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Wednesday, February 26, 2020

Apeirogon: A Countably Infinite Number of Sides to Every Story

Colum McCann's new novel Apeirogon is certainly ambitious. It's a novel told in 1,001 sections, each sometimes a few pages, sometimes a single sentence. In total, it's a novel about mathematics, music, silence, water, borders, birds, violence, grief, peace, and about a hundred other things.

But to back up and clear up the first question: An apeirogon is a shape with a "countably infinite number of sides" — essentially what appears to be a circle. (If "countably infinite" sounds like an oxymoron to you too, well, you also must've missed that day in advanced geometry.)

But beyond the literary calculus, there is also a pretty fascinating story here: It's about an Israeli man named Rami and a Palestinian man named Bassam who both have lost daughters to violence. These men are real people, as McCann tells us in his author's note. He further explains that Rami and Bassam have allowed him "to shape and reshape their words and worlds," which of course is necessary for a novel, but also a little unsettling as that's then always in the back of our minds: "What here is real?"

For that reason, for me, the best part of this nearly 500 page novel is the 30 page section right in the middle when McCann lets Rami and Bassam tell their stories in their own words. These two parts, one for each man, presumably resemble the lectures these men are traveling around the world to give, to show how peace and friendship can evolve from even the worst circumstances. They're riveting. And heart-breaking. But ultimately hopeful.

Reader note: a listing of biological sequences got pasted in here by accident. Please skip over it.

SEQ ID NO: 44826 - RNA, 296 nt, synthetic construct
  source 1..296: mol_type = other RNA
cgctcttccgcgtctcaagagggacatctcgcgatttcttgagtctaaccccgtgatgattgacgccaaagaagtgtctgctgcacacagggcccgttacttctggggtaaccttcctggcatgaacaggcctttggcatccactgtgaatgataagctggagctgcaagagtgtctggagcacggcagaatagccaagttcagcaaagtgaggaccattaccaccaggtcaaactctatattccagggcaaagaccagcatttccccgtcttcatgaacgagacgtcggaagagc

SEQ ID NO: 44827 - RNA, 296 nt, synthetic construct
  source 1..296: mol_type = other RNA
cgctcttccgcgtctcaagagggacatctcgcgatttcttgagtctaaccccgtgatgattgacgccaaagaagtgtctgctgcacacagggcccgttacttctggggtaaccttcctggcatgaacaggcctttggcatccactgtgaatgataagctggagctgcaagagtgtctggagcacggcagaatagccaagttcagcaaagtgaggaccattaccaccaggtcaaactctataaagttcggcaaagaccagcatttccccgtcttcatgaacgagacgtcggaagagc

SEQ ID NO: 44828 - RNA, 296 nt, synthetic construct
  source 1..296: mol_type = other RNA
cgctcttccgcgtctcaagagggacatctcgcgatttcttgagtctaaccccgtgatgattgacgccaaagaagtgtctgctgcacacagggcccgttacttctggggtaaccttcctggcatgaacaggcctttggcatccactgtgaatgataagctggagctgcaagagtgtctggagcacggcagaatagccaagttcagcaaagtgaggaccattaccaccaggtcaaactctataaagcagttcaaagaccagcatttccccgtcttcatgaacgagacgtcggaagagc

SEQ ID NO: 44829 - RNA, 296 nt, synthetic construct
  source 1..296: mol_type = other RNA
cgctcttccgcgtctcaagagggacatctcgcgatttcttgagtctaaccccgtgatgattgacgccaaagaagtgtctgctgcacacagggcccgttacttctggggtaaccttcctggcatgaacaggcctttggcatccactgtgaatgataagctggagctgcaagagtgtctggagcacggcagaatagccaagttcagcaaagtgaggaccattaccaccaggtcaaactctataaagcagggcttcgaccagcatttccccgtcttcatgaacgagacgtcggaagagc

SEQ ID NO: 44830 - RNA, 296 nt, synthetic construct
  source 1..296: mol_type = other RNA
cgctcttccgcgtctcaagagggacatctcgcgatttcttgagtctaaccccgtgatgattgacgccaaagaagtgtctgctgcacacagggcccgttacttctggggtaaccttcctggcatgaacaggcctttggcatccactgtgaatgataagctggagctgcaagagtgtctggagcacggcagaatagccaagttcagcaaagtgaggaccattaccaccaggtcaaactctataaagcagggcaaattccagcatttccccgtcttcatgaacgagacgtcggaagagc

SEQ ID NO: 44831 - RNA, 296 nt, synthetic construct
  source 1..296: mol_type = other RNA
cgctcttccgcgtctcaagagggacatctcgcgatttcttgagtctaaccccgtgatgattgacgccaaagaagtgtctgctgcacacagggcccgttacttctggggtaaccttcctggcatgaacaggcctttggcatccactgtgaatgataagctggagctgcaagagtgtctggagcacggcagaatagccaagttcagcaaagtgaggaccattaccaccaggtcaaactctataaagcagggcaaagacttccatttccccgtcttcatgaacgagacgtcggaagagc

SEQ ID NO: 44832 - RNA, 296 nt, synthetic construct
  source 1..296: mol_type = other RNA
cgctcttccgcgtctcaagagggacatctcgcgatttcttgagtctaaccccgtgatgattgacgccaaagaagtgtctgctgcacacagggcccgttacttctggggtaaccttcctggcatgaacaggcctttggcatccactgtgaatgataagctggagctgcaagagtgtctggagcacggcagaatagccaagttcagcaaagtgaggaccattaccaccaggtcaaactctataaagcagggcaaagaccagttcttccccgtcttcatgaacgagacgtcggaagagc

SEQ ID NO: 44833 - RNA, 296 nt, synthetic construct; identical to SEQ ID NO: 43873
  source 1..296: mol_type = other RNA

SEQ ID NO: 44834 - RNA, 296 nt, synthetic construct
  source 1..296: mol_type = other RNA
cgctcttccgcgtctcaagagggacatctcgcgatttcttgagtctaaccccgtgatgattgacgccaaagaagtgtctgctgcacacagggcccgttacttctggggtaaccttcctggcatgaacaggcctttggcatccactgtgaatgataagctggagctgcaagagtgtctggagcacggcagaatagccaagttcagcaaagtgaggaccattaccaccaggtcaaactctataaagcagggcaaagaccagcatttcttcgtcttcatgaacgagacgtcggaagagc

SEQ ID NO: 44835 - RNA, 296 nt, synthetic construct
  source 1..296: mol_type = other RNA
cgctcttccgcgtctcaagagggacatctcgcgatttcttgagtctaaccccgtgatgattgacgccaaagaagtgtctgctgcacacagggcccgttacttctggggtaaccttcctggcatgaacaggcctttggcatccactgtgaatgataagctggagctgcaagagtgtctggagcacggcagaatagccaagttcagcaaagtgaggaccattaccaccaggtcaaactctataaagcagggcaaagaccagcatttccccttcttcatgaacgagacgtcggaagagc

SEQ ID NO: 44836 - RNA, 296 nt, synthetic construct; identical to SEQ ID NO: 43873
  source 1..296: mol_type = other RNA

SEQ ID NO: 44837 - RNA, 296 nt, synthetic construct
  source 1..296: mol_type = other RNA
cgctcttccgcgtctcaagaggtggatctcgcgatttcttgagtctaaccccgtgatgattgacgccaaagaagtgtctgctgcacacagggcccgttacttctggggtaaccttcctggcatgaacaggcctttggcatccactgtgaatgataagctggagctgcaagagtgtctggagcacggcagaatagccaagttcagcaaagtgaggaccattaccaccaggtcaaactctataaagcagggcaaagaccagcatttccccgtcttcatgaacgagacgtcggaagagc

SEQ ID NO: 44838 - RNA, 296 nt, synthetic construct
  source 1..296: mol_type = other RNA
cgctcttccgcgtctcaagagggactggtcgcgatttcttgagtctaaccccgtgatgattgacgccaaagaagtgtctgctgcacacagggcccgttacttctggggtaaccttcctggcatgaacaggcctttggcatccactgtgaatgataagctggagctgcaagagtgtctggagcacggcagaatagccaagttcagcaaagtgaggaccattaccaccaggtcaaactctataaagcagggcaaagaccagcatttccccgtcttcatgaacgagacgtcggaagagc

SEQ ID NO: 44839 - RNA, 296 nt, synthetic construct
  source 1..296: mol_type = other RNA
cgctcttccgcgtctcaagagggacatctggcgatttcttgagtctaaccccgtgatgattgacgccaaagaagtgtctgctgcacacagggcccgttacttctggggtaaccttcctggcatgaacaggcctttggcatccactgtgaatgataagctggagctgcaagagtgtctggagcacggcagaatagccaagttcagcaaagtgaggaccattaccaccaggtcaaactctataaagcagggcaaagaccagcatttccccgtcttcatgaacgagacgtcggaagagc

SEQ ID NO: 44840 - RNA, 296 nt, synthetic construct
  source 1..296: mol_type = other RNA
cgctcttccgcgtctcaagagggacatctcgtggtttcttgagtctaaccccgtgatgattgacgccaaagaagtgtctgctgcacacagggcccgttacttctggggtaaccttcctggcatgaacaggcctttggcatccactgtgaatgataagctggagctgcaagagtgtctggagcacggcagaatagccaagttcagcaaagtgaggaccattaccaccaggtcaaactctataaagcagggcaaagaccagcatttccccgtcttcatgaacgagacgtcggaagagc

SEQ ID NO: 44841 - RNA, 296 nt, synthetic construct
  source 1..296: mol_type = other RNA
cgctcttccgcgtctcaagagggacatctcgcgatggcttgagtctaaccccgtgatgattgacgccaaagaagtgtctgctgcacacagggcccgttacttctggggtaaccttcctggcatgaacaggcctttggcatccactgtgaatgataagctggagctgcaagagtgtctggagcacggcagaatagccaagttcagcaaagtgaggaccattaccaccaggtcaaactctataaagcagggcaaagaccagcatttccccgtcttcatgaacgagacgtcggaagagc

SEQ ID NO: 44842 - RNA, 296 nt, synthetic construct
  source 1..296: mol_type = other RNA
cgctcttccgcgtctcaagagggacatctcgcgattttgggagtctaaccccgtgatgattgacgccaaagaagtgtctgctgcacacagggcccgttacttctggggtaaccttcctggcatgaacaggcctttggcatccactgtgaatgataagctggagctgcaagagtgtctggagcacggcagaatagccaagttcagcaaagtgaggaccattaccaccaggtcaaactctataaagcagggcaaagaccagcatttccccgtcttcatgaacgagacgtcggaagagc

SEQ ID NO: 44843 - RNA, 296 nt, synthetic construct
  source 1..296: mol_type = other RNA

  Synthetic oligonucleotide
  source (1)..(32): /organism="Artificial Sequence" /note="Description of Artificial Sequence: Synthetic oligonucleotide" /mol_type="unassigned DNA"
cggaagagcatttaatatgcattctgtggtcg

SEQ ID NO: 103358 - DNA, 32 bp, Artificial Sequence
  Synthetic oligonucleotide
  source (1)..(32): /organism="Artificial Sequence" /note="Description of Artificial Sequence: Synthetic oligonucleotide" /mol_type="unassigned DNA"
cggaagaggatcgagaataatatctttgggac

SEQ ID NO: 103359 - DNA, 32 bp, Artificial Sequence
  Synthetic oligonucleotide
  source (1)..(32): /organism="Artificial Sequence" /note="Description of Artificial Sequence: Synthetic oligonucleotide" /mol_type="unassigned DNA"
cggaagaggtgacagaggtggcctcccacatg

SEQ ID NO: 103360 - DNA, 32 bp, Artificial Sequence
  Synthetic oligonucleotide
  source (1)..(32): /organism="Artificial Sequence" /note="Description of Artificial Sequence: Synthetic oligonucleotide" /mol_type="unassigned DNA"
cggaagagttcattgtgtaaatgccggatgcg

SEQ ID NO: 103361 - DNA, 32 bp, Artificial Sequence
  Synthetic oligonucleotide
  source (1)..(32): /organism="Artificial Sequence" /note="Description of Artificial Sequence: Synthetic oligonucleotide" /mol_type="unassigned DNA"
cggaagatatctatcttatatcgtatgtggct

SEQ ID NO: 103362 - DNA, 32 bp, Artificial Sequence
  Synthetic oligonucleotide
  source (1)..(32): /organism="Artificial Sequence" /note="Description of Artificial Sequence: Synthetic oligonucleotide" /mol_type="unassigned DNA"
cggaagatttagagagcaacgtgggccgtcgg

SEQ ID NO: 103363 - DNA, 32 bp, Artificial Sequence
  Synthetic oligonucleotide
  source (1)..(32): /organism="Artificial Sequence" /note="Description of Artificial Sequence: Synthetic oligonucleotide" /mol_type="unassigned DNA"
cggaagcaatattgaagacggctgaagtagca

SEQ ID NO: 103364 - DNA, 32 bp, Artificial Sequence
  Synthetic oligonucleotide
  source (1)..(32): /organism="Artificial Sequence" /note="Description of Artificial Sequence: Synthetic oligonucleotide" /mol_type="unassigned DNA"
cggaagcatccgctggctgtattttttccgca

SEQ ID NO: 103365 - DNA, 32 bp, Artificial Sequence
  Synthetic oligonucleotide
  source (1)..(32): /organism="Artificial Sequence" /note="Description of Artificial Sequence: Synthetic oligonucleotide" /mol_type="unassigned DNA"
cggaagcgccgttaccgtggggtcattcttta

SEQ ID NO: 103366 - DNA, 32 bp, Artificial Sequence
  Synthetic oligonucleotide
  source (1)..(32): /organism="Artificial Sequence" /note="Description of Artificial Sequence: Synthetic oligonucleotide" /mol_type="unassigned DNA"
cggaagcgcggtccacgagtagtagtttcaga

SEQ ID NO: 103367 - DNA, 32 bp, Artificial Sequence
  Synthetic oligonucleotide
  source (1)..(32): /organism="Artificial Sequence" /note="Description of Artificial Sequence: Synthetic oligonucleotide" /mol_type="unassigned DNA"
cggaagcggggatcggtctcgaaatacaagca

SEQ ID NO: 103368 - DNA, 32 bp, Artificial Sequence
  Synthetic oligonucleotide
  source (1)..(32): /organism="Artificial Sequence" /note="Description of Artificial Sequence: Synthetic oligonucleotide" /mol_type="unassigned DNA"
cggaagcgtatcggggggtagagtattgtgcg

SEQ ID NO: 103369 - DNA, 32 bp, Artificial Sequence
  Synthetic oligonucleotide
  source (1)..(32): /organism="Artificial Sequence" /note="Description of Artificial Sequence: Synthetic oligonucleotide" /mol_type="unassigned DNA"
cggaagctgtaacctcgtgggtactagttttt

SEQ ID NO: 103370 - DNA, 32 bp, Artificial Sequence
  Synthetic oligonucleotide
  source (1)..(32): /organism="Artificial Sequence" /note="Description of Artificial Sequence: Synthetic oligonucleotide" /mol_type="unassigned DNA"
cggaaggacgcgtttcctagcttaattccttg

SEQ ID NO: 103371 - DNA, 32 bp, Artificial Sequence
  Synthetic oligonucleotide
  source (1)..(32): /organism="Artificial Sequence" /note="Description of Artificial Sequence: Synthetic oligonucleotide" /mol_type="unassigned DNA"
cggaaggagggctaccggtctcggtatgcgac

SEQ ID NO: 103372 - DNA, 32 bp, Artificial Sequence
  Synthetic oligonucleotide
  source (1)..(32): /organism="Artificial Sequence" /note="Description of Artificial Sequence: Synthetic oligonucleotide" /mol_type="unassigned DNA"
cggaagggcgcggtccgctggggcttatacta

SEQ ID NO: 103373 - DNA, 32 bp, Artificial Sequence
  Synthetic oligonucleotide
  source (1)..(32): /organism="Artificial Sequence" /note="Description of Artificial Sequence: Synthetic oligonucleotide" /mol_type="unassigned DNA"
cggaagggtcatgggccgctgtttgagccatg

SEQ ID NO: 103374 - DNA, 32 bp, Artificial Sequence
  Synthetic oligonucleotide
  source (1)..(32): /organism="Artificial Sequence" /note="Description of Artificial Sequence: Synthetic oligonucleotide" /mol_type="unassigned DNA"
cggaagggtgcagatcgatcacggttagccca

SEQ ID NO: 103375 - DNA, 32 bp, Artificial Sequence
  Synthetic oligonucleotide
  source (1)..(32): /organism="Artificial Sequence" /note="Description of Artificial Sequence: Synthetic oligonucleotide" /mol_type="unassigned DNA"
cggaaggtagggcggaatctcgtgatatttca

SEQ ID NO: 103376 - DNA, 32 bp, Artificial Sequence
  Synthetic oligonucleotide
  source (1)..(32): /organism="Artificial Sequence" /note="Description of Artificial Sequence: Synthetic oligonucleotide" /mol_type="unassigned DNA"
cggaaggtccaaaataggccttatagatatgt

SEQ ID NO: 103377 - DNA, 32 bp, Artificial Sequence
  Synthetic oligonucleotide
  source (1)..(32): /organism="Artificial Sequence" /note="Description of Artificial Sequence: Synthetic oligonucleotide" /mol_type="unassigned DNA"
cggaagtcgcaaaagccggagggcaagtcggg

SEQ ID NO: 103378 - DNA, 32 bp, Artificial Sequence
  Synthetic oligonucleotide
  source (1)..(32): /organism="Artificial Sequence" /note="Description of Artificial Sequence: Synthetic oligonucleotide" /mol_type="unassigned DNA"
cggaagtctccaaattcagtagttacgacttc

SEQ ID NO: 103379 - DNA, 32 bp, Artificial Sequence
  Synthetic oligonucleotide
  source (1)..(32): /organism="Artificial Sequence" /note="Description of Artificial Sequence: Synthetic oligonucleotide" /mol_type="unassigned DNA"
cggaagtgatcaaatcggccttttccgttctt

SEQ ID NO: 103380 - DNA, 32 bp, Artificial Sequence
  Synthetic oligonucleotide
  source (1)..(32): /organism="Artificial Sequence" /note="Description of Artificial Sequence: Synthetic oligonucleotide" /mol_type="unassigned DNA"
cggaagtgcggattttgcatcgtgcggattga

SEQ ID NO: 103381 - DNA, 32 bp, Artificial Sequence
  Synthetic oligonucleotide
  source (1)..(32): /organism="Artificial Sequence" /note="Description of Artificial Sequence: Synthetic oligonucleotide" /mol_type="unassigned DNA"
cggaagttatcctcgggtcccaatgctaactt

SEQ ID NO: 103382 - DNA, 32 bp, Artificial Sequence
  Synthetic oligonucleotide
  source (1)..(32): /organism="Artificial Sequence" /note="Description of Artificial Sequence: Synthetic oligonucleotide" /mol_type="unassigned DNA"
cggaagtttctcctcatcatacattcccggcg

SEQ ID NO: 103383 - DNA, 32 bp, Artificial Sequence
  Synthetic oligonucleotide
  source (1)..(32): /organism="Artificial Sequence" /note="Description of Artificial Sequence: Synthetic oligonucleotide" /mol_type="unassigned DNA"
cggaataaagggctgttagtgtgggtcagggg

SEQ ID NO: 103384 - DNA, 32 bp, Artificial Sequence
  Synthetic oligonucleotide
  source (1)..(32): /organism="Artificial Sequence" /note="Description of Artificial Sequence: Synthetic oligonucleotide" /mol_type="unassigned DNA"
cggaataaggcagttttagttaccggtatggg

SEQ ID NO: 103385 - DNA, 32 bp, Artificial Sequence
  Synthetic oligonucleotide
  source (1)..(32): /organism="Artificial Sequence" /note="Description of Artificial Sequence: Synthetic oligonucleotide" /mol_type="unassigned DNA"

So, what is McCann really up to here? Why go to these lengths to craft such a structure around the tragic stories of these two men? Wouldn't something simpler resonate better? My take is that what he's trying to do is create an apeirogon of words, to show the "countably infinite" sides and influences and provocations to every story. And as is often the case in novels such as these, he's also trying to show how all these parts are connected. What matters is how each part is connected to others and how each part contributes to the whole. Stories don't have convenient beginnings and endings or parts that conveniently fit together in a linear timeline.

All this literary flair may or may not work for you. For me, it didn't, exactly. So much of this feels superfluous. What's more, it's a novel that's so self-assured it also suffers from a problem of pride: Yes, it's really, really proud of itself. So while I completely respect the craft and talent here, I'd put this novel in the same category as George Saunders's Lincoln In The Bardo and Ta-Nehisi Coates's The Water Dancer: A novel you appreciate more than you actually enjoy reading.

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